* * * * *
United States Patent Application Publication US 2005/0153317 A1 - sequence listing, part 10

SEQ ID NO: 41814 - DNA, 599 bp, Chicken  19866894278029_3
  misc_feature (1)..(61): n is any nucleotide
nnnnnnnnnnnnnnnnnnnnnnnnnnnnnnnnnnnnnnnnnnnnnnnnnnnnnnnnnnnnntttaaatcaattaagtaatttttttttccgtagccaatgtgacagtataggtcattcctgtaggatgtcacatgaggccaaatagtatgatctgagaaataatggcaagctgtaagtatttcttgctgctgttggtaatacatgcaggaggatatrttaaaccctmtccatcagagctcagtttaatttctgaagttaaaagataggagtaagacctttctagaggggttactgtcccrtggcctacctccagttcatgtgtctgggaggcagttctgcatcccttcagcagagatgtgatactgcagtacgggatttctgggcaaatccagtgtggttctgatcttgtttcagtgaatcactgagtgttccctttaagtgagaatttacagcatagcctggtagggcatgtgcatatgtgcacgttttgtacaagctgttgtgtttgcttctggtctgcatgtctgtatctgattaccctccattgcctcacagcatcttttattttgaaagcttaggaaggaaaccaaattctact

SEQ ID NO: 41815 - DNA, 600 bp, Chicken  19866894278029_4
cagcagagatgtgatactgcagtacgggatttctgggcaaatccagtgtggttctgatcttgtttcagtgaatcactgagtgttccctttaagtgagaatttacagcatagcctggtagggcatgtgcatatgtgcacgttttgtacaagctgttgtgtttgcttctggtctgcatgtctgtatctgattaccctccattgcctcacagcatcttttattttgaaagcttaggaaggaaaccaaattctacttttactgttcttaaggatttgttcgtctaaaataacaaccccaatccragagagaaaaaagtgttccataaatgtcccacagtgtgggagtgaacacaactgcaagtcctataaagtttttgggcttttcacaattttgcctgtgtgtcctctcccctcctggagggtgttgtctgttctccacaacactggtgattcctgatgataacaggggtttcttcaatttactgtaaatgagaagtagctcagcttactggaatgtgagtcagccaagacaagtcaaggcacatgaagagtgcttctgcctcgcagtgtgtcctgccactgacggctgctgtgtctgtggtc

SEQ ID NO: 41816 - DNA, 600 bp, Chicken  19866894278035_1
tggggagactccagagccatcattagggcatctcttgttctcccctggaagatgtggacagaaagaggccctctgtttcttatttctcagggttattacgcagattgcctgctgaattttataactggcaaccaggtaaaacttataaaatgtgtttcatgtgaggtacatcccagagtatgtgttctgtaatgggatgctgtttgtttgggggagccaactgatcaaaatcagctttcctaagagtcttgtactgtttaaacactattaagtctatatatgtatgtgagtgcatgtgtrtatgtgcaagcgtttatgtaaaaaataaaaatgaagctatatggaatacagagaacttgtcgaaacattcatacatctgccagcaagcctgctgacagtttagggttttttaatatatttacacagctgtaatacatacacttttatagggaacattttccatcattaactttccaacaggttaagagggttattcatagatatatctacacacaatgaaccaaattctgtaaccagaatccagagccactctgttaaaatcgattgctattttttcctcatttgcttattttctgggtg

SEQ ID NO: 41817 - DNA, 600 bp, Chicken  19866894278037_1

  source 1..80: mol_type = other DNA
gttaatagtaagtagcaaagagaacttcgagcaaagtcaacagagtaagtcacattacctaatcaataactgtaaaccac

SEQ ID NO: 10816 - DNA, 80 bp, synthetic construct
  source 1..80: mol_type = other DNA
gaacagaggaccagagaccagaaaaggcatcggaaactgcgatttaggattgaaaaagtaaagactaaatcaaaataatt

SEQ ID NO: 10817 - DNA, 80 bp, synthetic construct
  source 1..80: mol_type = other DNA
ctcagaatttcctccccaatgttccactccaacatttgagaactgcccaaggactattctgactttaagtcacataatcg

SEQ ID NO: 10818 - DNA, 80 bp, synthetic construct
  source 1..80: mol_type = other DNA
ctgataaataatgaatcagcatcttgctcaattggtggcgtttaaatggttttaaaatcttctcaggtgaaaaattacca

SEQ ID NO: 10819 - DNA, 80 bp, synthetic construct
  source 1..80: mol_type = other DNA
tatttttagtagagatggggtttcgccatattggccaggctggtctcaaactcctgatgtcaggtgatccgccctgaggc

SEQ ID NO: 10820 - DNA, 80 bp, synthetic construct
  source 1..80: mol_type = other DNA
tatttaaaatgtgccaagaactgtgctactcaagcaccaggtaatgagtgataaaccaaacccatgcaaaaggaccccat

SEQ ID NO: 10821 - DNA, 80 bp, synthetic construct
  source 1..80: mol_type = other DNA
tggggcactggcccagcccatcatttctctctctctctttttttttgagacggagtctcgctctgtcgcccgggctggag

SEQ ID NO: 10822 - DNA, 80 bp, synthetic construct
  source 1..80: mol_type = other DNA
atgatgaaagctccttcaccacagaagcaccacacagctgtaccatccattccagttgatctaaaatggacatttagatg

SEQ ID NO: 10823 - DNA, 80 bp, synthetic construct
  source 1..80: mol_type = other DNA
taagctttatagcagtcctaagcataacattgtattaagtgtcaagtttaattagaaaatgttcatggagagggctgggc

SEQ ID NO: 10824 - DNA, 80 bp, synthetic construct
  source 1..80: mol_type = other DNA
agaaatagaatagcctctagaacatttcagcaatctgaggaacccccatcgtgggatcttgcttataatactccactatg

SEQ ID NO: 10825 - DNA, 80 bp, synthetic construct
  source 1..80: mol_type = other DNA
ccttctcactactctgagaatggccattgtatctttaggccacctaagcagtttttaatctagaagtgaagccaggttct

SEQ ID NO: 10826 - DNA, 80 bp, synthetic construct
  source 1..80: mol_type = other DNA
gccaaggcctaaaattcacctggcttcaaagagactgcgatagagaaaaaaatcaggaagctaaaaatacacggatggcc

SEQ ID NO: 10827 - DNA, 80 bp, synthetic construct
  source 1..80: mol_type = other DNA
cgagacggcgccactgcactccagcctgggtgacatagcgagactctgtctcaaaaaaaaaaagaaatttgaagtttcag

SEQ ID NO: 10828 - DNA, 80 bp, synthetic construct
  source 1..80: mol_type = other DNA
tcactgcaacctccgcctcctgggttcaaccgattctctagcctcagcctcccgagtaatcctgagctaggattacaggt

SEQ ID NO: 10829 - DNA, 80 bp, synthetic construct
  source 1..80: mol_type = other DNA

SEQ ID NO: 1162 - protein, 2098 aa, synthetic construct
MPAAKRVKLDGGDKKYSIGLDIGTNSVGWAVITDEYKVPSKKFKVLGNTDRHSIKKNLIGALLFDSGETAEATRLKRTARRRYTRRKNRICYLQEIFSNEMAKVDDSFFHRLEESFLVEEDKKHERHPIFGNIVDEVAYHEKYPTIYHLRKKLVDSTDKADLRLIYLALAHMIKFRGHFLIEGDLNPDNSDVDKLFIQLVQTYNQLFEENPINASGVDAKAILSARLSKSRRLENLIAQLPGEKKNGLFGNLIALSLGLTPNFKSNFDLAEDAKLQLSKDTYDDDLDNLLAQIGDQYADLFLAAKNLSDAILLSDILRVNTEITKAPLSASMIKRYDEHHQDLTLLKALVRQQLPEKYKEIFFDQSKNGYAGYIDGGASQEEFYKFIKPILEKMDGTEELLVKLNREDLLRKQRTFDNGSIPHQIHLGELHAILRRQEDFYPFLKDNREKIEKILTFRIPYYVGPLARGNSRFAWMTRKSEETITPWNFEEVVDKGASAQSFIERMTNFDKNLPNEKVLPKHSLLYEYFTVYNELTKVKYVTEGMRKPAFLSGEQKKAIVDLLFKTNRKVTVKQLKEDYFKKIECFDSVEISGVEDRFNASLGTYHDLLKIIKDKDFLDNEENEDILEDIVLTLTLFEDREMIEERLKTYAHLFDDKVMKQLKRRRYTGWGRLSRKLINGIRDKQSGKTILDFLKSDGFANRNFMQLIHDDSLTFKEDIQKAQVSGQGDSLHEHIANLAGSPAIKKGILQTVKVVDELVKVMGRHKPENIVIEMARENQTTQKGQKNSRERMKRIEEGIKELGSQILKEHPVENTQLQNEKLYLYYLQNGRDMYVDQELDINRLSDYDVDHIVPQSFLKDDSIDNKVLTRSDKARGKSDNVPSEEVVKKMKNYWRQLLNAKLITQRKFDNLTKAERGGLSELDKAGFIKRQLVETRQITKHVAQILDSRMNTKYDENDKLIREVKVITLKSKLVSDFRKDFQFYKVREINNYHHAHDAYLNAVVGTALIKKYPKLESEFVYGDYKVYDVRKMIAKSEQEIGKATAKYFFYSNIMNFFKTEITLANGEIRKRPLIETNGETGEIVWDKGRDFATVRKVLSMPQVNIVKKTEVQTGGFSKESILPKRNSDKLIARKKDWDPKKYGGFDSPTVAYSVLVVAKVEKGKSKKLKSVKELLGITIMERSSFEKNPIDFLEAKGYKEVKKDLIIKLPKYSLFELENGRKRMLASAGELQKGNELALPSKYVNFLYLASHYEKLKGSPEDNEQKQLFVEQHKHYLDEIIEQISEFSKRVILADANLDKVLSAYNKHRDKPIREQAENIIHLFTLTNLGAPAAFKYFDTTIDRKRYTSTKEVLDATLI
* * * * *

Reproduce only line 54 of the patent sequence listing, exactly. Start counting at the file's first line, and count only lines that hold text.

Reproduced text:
MPAAKRVKLDGGDKKYSIGLDIGTNSVGWAVITDEYKVPSKKFKVLGNTDRHSIKKNLIGALLFDSGETAEATRLKRTARRRYTRRKNRICYLQEIFSNEMAKVDDSFFHRLEESFLVEEDKKHERHPIFGNIVDEVAYHEKYPTIYHLRKKLVDSTDKADLRLIYLALAHMIKFRGHFLIEGDLNPDNSDVDKLFIQLVQTYNQLFEENPINASGVDAKAILSARLSKSRRLENLIAQLPGEKKNGLFGNLIALSLGLTPNFKSNFDLAEDAKLQLSKDTYDDDLDNLLAQIGDQYADLFLAAKNLSDAILLSDILRVNTEITKAPLSASMIKRYDEHHQDLTLLKALVRQQLPEKYKEIFFDQSKNGYAGYIDGGASQEEFYKFIKPILEKMDGTEELLVKLNREDLLRKQRTFDNGSIPHQIHLGELHAILRRQEDFYPFLKDNREKIEKILTFRIPYYVGPLARGNSRFAWMTRKSEETITPWNFEEVVDKGASAQSFIERMTNFDKNLPNEKVLPKHSLLYEYFTVYNELTKVKYVTEGMRKPAFLSGEQKKAIVDLLFKTNRKVTVKQLKEDYFKKIECFDSVEISGVEDRFNASLGTYHDLLKIIKDKDFLDNEENEDILEDIVLTLTLFEDREMIEERLKTYAHLFDDKVMKQLKRRRYTGWGRLSRKLINGIRDKQSGKTILDFLKSDGFANRNFMQLIHDDSLTFKEDIQKAQVSGQGDSLHEHIANLAGSPAIKKGILQTVKVVDELVKVMGRHKPENIVIEMARENQTTQKGQKNSRERMKRIEEGIKELGSQILKEHPVENTQLQNEKLYLYYLQNGRDMYVDQELDINRLSDYDVDHIVPQSFLKDDSIDNKVLTRSDKARGKSDNVPSEEVVKKMKNYWRQLLNAKLITQRKFDNLTKAERGGLSELDKAGFIKRQLVETRQITKHVAQILDSRMNTKYDENDKLIREVKVITLKSKLVSDFRKDFQFYKVREINNYHHAHDAYLNAVVGTALIKKYPKLESEFVYGDYKVYDVRKMIAKSEQEIGKATAKYFFYSNIMNFFKTEITLANGEIRKRPLIETNGETGEIVWDKGRDFATVRKVLSMPQVNIVKKTEVQTGGFSKESILPKRNSDKLIARKKDWDPKKYGGFDSPTVAYSVLVVAKVEKGKSKKLKSVKELLGITIMERSSFEKNPIDFLEAKGYKEVKKDLIIKLPKYSLFELENGRKRMLASAGELQKGNELALPSKYVNFLYLASHYEKLKGSPEDNEQKQLFVEQHKHYLDEIIEQISEFSKRVILADANLDKVLSAYNKHRDKPIREQAENIIHLFTLTNLGAPAAFKYFDTTIDRKRYTSTKEVLDATLI